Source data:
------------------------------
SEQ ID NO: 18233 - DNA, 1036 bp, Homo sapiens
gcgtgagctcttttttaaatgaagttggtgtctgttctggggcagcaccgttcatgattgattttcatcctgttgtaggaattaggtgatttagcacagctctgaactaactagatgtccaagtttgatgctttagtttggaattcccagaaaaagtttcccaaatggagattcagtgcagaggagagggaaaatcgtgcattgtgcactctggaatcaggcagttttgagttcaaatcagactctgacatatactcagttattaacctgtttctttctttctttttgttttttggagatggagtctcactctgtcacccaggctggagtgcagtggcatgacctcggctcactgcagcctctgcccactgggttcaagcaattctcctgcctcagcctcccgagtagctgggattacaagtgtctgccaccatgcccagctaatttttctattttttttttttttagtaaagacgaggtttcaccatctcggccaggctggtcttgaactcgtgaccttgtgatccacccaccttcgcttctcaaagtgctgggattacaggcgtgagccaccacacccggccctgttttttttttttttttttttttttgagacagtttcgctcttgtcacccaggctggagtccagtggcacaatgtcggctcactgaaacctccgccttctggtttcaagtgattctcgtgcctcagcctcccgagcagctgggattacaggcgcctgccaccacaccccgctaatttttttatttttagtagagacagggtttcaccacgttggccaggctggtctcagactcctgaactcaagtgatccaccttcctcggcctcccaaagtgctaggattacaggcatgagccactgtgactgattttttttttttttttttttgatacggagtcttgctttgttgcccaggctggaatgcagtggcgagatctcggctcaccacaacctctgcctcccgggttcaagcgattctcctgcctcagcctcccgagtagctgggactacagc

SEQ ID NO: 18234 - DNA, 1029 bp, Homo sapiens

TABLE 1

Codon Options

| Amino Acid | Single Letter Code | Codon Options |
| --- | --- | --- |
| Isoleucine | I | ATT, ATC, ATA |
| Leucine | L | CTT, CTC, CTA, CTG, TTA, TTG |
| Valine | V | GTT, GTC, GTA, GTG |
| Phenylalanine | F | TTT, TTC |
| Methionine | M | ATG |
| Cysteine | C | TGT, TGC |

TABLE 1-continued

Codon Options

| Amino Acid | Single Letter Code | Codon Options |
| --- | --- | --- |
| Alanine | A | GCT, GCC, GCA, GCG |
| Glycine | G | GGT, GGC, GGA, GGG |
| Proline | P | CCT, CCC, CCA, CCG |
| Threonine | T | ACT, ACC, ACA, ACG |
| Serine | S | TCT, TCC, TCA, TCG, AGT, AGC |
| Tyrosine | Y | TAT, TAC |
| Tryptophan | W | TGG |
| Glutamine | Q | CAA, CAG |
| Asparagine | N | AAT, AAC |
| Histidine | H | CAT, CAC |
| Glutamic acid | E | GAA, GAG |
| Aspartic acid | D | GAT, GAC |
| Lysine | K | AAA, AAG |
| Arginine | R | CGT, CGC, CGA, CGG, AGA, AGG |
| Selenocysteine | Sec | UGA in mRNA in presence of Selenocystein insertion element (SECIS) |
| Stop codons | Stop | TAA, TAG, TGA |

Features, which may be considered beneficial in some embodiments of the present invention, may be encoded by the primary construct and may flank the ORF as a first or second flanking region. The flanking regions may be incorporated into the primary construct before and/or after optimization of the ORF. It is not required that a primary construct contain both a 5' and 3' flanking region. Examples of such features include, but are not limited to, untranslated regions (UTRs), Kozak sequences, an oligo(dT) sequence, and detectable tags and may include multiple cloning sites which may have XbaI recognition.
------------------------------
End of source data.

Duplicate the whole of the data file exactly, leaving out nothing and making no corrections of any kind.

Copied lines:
SEQ ID NO: 18233 - DNA, 1036 bp, Homo sapiens
gcgtgagctcttttttaaatgaagttggtgtctgttctggggcagcaccgttcatgattgattttcatcctgttgtaggaattaggtgatttagcacagctctgaactaactagatgtccaagtttgatgctttagtttggaattcccagaaaaagtttcccaaatggagattcagtgcagaggagagggaaaatcgtgcattgtgcactctggaatcaggcagttttgagttcaaatcagactctgacatatactcagttattaacctgtttctttctttctttttgttttttggagatggagtctcactctgtcacccaggctggagtgcagtggcatgacctcggctcactgcagcctctgcccactgggttcaagcaattctcctgcctcagcctcccgagtagctgggattacaagtgtctgccaccatgcccagctaatttttctattttttttttttttagtaaagacgaggtttcaccatctcggccaggctggtcttgaactcgtgaccttgtgatccacccaccttcgcttctcaaagtgctgggattacaggcgtgagccaccacacccggccctgttttttttttttttttttttttttgagacagtttcgctcttgtcacccaggctggagtccagtggcacaatgtcggctcactgaaacctccgccttctggtttcaagtgattctcgtgcctcagcctcccgagcagctgggattacaggcgcctgccaccacaccccgctaatttttttatttttagtagagacagggtttcaccacgttggccaggctggtctcagactcctgaactcaagtgatccaccttcctcggcctcccaaagtgctaggattacaggcatgagccactgtgactgattttttttttttttttttttgatacggagtcttgctttgttgcccaggctggaatgcagtggcgagatctcggctcaccacaacctctgcctcccgggttcaagcgattctcctgcctcagcctcccgagtagctgggactacagc

SEQ ID NO: 18234 - DNA, 1029 bp, Homo sapiens

TABLE 1

Codon Options

| Amino Acid | Single Letter Code | Codon Options |
| --- | --- | --- |
| Isoleucine | I | ATT, ATC, ATA |
| Leucine | L | CTT, CTC, CTA, CTG, TTA, TTG |
| Valine | V | GTT, GTC, GTA, GTG |
| Phenylalanine | F | TTT, TTC |
| Methionine | M | ATG |
| Cysteine | C | TGT, TGC |

TABLE 1-continued

Codon Options

| Amino Acid | Single Letter Code | Codon Options |
| --- | --- | --- |
| Alanine | A | GCT, GCC, GCA, GCG |
| Glycine | G | GGT, GGC, GGA, GGG |
| Proline | P | CCT, CCC, CCA, CCG |
| Threonine | T | ACT, ACC, ACA, ACG |
| Serine | S | TCT, TCC, TCA, TCG, AGT, AGC |
| Tyrosine | Y | TAT, TAC |
| Tryptophan | W | TGG |
| Glutamine | Q | CAA, CAG |
| Asparagine | N | AAT, AAC |
| Histidine | H | CAT, CAC |
| Glutamic acid | E | GAA, GAG |
| Aspartic acid | D | GAT, GAC |
| Lysine | K | AAA, AAG |
| Arginine | R | CGT, CGC, CGA, CGG, AGA, AGG |
| Selenocysteine | Sec | UGA in mRNA in presence of Selenocystein insertion element (SECIS) |
| Stop codons | Stop | TAA, TAG, TGA |

Features, which may be considered beneficial in some embodiments of the present invention, may be encoded by the primary construct and may flank the ORF as a first or second flanking region. The flanking regions may be incorporated into the primary construct before and/or after optimization of the ORF. It is not required that a primary construct contain both a 5' and 3' flanking region. Examples of such features include, but are not limited to, untranslated regions (UTRs), Kozak sequences, an oligo(dT) sequence, and detectable tags and may include multiple cloning sites which may have XbaI recognition.